other final members of the Order were buried in a small unknown cemetery to the north side of Hermit Lane, now
long gone under modern buildings and Henry Avenue. An account is recorded in the memoirs of Lutheran minister
Henry Melchior Muhlenberg that upon Matthei's burial, local townsfolk witnessed strange blue fiery lights that
danced over the last hermits' graves.
In some ways, the Order of Perfection was a template or experiment worthy of a few more attempts
at replication. Other Christian mystics saw Kelpius as an inspiration for their own yearning and desire for a New
Jerusalem. In 1720, Conrad Beisel and some followers left Germany to join the Kelpius colony. They were unaware
that Kelpius had been dead for over a decade. Upon arriving in Pennsylvania and finding the Order in decline,
they joined with the German Baptists for a time, before founding the long lived spiritual commune of Ephrata in
The echoes of Kelpius may have served one other legendary function. In the 1930s, a story by an
unknown author was found by historian Guy Ballard in the Library of Congress. It was a romantic tale that told of
how on New Year's Night in 1774, General George Washington became lost in the woods near the Wissahickon, and was
taken in by an unknown hermit living in the ruins of the old Kelpius Tabernacle. The un-named recluse had
supposedly been a European nobleman who had come to Philadelphia with his two children, and who had taken up
residence on the hermits' hillside after Conrad Matthei's passing. As Washington stayed the night with the hermit
and his grown children, he underwent a spiritual initiation, and was anointed and blessed to carry out his destiny
as leader of the new country soon to be born. Years later, Washington returned to the hermit's lodgings, only to
find that the hermit and his children had died in the Revolution. Perhaps Conrad Matthei had indeed passed the
torch of the Woman in the Wilderness to one final successor, forever unknown in name, but one to whom it was
designated to carry out a last task at the dawning of the United States. It is of course known that George
Washington was a Freemason, and there is some evidence he was initiated into the Rosicrucian mysteries as well.
Thus we would not and should not be surprised at the heartfelt plot of the sad and whimsical story.
In the weeks after my visit to the Cave of Kelpius, I continued to learn more of the lore of the
Wissahickon hermits. I discovered that the odd and forlorn white manor house in the woods is called Hermitage
Mansion, and had been built in the 19th century on the site of Kelpius' Tabernacle. A brief history of the
Hermitage can be read here: http://www.dvopera.org/about.htm and here: http://www.schuylkillriver.org/Detail.aspx?id=530
I recently managed to get an ironic and somewhat synchronistic chuckle out of the fact that the
owners of the property where the Tabernacle stood, in the years after the Order of Perfection came to an end,
were the Righter family. The name is an Anglicized variant of my own Germanic family name, Reiter.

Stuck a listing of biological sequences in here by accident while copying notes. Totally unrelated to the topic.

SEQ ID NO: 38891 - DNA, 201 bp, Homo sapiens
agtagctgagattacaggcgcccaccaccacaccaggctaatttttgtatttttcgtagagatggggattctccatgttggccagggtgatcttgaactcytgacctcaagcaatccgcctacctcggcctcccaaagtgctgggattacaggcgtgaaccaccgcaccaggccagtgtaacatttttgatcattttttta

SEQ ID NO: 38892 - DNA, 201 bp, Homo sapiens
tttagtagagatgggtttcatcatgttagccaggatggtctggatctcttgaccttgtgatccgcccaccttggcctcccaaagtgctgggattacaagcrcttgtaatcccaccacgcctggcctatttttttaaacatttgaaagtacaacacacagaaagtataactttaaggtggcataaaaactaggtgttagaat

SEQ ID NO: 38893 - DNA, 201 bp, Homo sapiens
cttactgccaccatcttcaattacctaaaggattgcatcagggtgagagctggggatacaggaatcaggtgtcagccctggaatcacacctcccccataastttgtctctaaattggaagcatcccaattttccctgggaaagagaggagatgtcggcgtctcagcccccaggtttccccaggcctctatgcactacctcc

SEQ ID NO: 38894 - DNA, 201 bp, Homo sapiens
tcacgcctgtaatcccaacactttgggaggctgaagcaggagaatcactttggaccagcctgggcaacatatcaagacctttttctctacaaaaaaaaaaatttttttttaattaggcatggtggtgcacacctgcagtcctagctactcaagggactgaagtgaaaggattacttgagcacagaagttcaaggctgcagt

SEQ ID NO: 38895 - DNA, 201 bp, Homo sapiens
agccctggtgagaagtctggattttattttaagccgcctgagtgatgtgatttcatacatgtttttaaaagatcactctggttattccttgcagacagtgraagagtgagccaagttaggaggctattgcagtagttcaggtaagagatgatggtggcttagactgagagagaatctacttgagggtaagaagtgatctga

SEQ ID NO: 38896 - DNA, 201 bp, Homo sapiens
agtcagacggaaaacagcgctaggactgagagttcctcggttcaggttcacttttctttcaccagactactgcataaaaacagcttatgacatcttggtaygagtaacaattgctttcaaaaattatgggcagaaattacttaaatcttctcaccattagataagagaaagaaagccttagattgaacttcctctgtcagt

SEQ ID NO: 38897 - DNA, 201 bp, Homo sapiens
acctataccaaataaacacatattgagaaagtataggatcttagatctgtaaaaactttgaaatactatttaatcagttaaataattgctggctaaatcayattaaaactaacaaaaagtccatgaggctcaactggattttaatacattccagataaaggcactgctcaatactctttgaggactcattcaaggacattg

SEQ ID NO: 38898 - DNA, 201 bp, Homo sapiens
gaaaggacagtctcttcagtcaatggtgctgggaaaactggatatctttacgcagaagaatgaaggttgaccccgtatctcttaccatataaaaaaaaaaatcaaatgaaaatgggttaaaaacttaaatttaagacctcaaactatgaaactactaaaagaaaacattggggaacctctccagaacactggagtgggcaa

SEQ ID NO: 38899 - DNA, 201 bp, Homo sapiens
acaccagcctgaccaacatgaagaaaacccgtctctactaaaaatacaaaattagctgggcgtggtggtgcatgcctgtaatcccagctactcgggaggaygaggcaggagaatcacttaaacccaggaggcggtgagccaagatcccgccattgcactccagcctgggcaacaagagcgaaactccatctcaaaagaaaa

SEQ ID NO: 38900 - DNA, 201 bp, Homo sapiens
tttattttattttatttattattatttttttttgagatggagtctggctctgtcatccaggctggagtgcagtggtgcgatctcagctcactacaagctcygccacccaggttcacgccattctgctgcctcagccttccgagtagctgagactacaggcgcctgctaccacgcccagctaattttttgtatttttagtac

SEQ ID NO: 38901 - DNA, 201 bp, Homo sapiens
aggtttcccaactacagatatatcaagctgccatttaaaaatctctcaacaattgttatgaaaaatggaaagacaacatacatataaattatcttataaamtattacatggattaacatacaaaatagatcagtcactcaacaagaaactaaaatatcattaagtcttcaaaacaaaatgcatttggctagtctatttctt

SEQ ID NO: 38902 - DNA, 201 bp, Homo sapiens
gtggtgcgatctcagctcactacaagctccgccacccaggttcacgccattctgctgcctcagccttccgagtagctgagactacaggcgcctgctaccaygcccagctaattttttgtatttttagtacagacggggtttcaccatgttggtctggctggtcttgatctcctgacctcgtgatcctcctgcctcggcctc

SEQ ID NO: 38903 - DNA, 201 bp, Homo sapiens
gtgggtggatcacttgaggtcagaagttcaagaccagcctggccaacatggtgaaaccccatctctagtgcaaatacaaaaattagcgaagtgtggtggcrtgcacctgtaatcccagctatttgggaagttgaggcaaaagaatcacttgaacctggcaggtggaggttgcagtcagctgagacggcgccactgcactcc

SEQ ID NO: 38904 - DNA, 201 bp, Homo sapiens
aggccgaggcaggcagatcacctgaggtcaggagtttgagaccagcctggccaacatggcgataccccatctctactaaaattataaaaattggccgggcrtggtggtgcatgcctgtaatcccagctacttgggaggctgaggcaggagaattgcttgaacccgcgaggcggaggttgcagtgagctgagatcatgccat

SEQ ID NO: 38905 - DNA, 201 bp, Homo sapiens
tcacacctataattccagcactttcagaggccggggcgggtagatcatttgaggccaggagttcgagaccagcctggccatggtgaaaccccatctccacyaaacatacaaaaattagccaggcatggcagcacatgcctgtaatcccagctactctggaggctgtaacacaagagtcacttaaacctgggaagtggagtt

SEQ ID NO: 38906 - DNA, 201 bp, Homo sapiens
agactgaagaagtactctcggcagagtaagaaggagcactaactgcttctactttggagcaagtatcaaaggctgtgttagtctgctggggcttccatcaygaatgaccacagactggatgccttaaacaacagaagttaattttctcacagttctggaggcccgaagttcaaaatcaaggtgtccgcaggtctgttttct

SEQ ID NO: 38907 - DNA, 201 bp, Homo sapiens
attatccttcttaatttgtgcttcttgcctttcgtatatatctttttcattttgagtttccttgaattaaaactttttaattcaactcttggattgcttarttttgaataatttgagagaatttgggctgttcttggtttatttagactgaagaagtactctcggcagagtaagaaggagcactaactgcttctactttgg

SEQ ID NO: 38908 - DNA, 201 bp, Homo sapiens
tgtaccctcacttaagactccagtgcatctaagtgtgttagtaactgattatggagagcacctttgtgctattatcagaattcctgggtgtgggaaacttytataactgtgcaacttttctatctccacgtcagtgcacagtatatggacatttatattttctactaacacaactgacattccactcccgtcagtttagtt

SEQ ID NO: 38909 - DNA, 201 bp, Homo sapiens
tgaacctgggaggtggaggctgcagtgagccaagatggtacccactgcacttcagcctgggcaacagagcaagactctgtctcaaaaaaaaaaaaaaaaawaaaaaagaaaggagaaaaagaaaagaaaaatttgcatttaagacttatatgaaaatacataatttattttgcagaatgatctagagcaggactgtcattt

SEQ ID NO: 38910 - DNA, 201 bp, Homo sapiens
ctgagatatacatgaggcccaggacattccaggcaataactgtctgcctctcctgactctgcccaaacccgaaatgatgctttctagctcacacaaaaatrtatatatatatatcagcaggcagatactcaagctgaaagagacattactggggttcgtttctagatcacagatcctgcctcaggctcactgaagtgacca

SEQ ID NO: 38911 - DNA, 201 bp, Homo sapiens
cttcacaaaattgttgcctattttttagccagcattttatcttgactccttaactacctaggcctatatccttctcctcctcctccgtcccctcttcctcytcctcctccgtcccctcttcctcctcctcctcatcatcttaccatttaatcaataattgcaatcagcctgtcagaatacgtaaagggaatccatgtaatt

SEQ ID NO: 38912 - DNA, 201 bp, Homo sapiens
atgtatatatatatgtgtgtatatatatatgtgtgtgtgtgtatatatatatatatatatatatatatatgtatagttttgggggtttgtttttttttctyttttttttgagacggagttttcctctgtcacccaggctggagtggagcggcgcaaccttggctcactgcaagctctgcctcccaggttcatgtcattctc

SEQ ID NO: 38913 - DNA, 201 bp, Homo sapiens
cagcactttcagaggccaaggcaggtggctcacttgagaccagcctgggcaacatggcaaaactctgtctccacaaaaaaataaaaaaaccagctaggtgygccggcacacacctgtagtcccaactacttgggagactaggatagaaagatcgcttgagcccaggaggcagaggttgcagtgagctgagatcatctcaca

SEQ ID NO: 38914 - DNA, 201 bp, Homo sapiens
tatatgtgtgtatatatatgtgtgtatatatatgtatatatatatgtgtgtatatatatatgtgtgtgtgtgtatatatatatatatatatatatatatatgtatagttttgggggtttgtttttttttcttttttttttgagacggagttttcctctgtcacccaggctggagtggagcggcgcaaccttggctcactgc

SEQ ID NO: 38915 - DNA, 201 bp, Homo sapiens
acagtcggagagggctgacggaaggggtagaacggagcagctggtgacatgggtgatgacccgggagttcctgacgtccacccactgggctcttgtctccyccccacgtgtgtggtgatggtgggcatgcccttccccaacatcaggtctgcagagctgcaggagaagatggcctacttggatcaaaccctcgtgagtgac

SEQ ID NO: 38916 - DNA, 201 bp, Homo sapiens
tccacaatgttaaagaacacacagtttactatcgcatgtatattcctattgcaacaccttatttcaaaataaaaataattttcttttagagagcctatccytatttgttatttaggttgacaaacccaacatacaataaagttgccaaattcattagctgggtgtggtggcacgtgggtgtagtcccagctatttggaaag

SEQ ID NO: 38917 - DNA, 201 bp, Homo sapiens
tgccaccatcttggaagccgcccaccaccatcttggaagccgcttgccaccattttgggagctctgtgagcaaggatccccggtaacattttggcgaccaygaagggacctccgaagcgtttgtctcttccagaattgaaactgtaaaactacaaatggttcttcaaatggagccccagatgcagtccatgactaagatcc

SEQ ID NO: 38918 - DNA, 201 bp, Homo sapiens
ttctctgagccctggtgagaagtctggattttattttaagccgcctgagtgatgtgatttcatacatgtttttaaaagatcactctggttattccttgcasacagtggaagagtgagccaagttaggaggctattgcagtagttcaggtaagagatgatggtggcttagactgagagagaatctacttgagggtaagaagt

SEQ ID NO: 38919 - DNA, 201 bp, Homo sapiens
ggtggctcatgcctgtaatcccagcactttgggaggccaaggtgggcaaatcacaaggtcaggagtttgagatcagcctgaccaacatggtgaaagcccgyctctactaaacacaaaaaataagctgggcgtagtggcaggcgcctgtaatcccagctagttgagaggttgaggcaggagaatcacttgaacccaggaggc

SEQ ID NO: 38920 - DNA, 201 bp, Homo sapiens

Sometimes in the past, when a fevered quest would evolve out of a chance discovery in a book, or
on-line, or over the course of a road trip, the ultimate lessons or meaning of the quest - the closure - would
come abruptly and with finality. Not so with this one, as it appears to be continuing to play out at several
levels at once in my life.
I had felt resonance with the story of a young savant now dead three centuries, a savant who
became a mystic Master and who in turn became a hermit of the Apocalypse. In the form of an initiatory psychodrama
littered with coincidence and synchronicity, I found my way to the cave of the hermit, and asked a question there.
The answer - hard as it may sometimes be for me to bear on the dusty Peregrine Road of my life - was revealed to
my heart, and I went home. And yet even on a daily or weekly basis, new elements and discoveries continue to
cross my path concerning Kelpius, the succession of Western Mystery, the Rosicrucians, Freemasonry, and
I wish I knew where it was leading, but that is a dangerous and naïve wish for any of us,
because the answer is already inside us if we dare to look. It doesn't matter anyway. We all, each of us, share
Johannes Kelpius' ultimate fate. There will be no Enochs or Elijahs in this age of the world. Most Christians who
seek inspiration and meaning turn ever to the four Gospels for their answers. For me, though, the purest truth in
the Bible, mixed in a tonic of beauty and unutterable sadness, lies instead in the book of Ecclesiastes:
For that which befalleth the sons of men befalleth beasts; even one thing
befalleth them: as the one dieth, so dieth the other; yea, they have all one breath; so that a man hath no
preeminence above a beast: for all is vanity. All go unto one place; all are of the dust, and all turn to dust
I sat on the rough wet stone in Kelpius' cave and I realized in the silence by the Wissahickon
that it was not yet time to become a hermit of my own inevitable personal apocalypse. Despite the autumnal
weariness, ennui, and the more than occasional difficulty in finding the incentive to put one foot in front of
the other, the Hermit's card has not turned over yet. I'm not sure where the next tank of gas will come from, but
suddenly that hermit looks a lot like Robert Frost, standing by the roadside in my soul. He nods and points
onward... so I guess that means "move along, son." Fair enough.
The woods are lovely, dark, and deep,
But I have promises to keep,
And miles to go before I sleep,
And miles to go before I sleep.